Walmart Earnings Expected to Rise as Consumers Spend More on Necessities

A shift in consumer spending toward everyday staples likely boosted earnings at America’s biggest retailer

Shoppers at Walmart

Justin Sullivan / Staff / Getty Images

Walmart (WMT), America’s biggest retailer by revenue, is expected to report a rebound in earnings on solid growth in same-store sales, as cash-strapped consumers spend more on necessities amid an economic slowdown and persistently high inflation.

Key Takeaways

  • Net income at America’s biggest retailer is projected at just under $3.5 billion, up 70% from the year-ago quarter.
  • Walmart's earnings per share is expected to remain flat at $1.30.
  • Comparable store sales, which account for more than half of Walmart’s nearly $150 billion in revenue, likely rose 4.6% year-over-year.
  • A shift in consumer spending patterns likely benefited Walmart as U.S. consumers spent more on everyday necessities such as gas and groceries.

Net income (NI) is projected at almost $3.5 billion, up 70% from the same quarter last year, according to estimates compiled by Visible Alpha. Earnings per share (EPS) are forecast to be unchanged at $1.30. U.S. comparable store sales, which account for the majority of Walmart’s nearly $150 billion in revenue, likely rose 4.6% from a year ago, outpacing a 3% annual increase in the same quarter last year. Walmart will report its fiscal year 2024 first quarter results before markets open Thursday.

U.S. consumers are spending a greater share of their disposable income on necessities such as gas and groceries amid an economic slowdown and persistently high inflation. At the same time, they’re pulling back on big-ticket and discretionary purchases.

This trend could benefit Walmart, which for years has lured shoppers with low prices on everyday necessities. A study by consumer advocacy nonprofit Consumers’ Checkbook, which tracked the prices of 154 common grocery items, found that prices at Walmart were 16% lower than the average among stores they surveyed at the end of 2022.

Food and beverages now account for 60% of Walmart’s revenue, versus a 21% share at Target (TGT). Food prices in the U.S. rose 7.7% year-over-year in April, outpacing a 4.9% increase in the broader Consumer Price Index (CPI). Prices for food at home, a category that includes groceries, were up 7.1% compared to April of last year. Walmart has resisted raising prices at that rate this year, undercutting competitors like Amazon (AMZN) and Kroger (KR).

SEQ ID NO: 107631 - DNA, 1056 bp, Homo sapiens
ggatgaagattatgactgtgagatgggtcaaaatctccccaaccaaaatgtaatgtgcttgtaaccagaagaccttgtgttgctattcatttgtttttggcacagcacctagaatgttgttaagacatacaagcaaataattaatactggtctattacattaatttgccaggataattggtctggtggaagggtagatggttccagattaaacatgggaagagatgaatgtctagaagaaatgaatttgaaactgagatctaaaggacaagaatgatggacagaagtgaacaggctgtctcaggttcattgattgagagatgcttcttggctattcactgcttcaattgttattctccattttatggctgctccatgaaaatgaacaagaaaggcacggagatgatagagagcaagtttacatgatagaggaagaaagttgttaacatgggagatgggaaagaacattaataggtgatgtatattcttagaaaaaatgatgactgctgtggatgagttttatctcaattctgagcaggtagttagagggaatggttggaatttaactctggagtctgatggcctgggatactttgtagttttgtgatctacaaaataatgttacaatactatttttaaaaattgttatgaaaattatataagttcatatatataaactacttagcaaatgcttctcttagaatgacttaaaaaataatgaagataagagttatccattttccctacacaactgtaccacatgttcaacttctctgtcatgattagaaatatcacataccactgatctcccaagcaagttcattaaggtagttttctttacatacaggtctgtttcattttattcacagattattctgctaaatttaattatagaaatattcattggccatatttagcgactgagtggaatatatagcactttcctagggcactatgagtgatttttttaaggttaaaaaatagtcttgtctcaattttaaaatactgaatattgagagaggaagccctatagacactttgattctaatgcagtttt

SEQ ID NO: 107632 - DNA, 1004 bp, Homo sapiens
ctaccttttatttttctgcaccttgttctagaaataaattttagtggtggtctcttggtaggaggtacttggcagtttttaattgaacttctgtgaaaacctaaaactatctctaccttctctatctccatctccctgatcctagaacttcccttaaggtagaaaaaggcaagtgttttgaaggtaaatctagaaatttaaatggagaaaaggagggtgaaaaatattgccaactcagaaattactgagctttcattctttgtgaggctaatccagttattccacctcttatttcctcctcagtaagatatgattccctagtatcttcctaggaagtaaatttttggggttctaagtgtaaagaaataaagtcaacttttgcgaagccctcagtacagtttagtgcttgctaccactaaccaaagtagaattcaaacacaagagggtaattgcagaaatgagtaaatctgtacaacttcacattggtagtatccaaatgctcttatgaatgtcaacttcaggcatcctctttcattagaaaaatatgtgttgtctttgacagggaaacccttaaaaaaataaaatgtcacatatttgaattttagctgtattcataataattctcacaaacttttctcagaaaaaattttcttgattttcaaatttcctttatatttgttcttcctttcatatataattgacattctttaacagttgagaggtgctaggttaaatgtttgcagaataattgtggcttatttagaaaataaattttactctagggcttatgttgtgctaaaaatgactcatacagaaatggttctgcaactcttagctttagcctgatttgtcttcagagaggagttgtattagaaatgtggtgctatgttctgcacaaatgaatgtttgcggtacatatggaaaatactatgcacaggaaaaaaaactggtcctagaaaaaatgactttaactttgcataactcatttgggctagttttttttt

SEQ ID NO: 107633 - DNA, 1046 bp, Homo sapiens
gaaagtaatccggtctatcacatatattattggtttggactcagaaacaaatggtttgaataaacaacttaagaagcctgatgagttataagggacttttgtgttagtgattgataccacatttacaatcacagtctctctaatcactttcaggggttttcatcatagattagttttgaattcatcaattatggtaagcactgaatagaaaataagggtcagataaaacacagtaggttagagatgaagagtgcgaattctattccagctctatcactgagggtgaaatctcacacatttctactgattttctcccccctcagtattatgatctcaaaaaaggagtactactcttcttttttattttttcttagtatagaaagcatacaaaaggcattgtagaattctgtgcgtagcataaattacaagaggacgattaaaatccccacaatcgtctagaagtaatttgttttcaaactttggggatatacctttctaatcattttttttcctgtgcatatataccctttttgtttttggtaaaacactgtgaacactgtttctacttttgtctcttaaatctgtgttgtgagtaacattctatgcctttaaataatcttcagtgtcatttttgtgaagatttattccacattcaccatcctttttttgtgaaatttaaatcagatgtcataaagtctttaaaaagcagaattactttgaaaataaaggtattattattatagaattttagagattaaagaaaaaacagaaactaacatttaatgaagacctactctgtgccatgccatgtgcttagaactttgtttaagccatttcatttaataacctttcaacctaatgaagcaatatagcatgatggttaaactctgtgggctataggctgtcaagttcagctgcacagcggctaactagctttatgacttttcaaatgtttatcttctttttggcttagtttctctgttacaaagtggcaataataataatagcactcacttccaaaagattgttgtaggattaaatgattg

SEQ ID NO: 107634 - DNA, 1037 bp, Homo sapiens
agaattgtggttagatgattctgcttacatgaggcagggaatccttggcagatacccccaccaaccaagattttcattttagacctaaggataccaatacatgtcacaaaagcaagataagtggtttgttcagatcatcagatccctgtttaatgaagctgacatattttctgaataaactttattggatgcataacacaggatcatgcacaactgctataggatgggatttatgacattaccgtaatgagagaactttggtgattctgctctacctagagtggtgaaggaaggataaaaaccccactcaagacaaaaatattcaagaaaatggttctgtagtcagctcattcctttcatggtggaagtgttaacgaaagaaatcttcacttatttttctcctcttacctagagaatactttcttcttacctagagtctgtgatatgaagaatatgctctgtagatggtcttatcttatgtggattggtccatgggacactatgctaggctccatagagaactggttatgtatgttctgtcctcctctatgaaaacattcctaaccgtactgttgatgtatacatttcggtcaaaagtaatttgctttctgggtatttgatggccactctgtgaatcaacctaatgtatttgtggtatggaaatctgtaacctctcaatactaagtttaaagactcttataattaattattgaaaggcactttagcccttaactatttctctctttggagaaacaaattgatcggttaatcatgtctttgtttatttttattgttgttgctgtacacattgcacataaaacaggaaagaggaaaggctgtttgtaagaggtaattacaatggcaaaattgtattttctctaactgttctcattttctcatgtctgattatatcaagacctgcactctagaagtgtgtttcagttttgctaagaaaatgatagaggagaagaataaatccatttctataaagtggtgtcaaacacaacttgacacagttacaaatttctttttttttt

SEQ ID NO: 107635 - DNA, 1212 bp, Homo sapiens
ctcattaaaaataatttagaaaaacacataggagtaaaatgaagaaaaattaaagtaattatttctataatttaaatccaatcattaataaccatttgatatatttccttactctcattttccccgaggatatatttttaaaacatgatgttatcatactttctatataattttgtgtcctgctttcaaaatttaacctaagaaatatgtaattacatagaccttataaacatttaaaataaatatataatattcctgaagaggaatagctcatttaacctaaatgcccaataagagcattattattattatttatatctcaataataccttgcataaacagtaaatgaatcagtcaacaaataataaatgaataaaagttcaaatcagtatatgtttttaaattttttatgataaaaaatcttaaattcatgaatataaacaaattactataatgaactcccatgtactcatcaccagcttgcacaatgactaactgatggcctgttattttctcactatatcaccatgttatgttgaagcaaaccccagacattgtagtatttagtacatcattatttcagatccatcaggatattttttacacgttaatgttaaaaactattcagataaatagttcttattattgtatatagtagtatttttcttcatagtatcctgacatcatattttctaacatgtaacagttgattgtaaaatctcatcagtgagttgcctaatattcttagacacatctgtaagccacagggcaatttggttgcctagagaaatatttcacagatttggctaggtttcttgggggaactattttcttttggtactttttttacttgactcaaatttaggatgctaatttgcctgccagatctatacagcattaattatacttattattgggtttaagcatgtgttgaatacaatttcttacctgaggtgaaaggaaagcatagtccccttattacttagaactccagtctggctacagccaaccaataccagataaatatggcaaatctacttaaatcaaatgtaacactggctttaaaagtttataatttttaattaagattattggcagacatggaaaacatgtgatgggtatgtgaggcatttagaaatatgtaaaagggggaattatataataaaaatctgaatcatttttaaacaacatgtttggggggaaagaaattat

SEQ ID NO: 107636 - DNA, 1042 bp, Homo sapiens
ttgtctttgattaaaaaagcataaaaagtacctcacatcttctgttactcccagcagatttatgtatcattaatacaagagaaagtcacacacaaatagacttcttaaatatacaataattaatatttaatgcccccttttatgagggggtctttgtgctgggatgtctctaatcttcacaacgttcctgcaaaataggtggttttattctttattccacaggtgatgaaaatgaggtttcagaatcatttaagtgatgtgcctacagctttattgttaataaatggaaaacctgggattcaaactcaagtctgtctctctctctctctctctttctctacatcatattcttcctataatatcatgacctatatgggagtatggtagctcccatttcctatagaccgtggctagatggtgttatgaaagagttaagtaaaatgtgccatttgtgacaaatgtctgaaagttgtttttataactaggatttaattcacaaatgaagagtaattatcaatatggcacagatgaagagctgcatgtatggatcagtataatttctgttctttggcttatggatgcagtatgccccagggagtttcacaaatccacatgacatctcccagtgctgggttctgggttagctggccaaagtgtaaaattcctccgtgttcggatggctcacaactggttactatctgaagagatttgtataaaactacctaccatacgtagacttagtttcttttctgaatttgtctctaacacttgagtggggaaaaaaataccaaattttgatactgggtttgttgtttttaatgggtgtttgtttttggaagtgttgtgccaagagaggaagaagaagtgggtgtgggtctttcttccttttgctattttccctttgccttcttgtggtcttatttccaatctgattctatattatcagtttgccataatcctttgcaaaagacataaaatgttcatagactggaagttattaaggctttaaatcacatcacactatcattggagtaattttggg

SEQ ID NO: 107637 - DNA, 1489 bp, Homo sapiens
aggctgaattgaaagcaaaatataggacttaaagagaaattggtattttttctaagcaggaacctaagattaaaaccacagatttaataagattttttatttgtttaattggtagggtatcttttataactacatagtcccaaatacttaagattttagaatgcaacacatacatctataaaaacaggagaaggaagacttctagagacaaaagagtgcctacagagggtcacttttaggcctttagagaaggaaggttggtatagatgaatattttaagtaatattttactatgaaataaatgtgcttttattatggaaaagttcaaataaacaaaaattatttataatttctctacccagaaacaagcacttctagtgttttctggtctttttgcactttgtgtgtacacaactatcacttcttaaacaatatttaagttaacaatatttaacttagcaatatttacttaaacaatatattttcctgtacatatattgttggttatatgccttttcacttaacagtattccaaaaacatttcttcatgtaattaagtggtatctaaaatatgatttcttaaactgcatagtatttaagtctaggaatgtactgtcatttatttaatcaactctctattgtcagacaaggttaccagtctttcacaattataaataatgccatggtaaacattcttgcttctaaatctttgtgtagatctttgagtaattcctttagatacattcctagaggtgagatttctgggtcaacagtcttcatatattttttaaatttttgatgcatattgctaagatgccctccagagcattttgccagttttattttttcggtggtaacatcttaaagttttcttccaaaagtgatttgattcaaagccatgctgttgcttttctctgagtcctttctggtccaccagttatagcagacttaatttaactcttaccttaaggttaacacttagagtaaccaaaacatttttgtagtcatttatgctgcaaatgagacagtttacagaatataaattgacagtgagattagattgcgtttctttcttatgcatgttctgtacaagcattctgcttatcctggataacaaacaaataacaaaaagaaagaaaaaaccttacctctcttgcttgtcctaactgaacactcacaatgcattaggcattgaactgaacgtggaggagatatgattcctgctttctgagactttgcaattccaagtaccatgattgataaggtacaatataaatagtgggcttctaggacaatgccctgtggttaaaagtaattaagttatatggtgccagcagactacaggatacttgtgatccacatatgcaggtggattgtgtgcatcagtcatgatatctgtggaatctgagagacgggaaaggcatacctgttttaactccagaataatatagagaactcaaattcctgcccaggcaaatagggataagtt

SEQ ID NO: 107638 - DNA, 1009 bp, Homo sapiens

Walmart Key Metrics
  Q1 FY 2024 (Projected) Q1 FY 2023 Q1 FY 2022
U.S. Comparable Store Sales Growth (%) 4.57  3.00 6.00
Total Revenue ($M) 148,484 141,569 138,310
Earnings Per Share ($) 1.30 1.30 1.69

Walmart shares are up just over 5% year-to-date, outperforming an about 1.5% gain in the broader consumer staples sector over the same period.

Walmart (WMT) vs. S&P 500 Consumer Staples Sector, YTD Return


Article Sources
Investopedia requires writers to use primary sources to support their work. These include white papers, government data, original reporting, and interviews with industry experts. We also reference original research from other reputable publishers where appropriate. You can learn more about the standards we follow in producing accurate, unbiased content in our editorial policy.
  1. Consumers’ Checkbook. "Which Grocery Stores Offer the Best Prices and Quality?"

  2. Walmart Inc. "2023 Annual Report."

  3. Target Corp. 2022 Annual Report."

  4. Bureau of Labor Statistics. "Consumer Price Index Summary: April 2023."

  5. Pymnts. "Walmart Trades Margins for Loyalty to Keep Grocery Share."

Take the Next Step to Invest
The offers that appear in this table are from partnerships from which Investopedia receives compensation. This compensation may impact how and where listings appear. Investopedia does not include all offers available in the marketplace.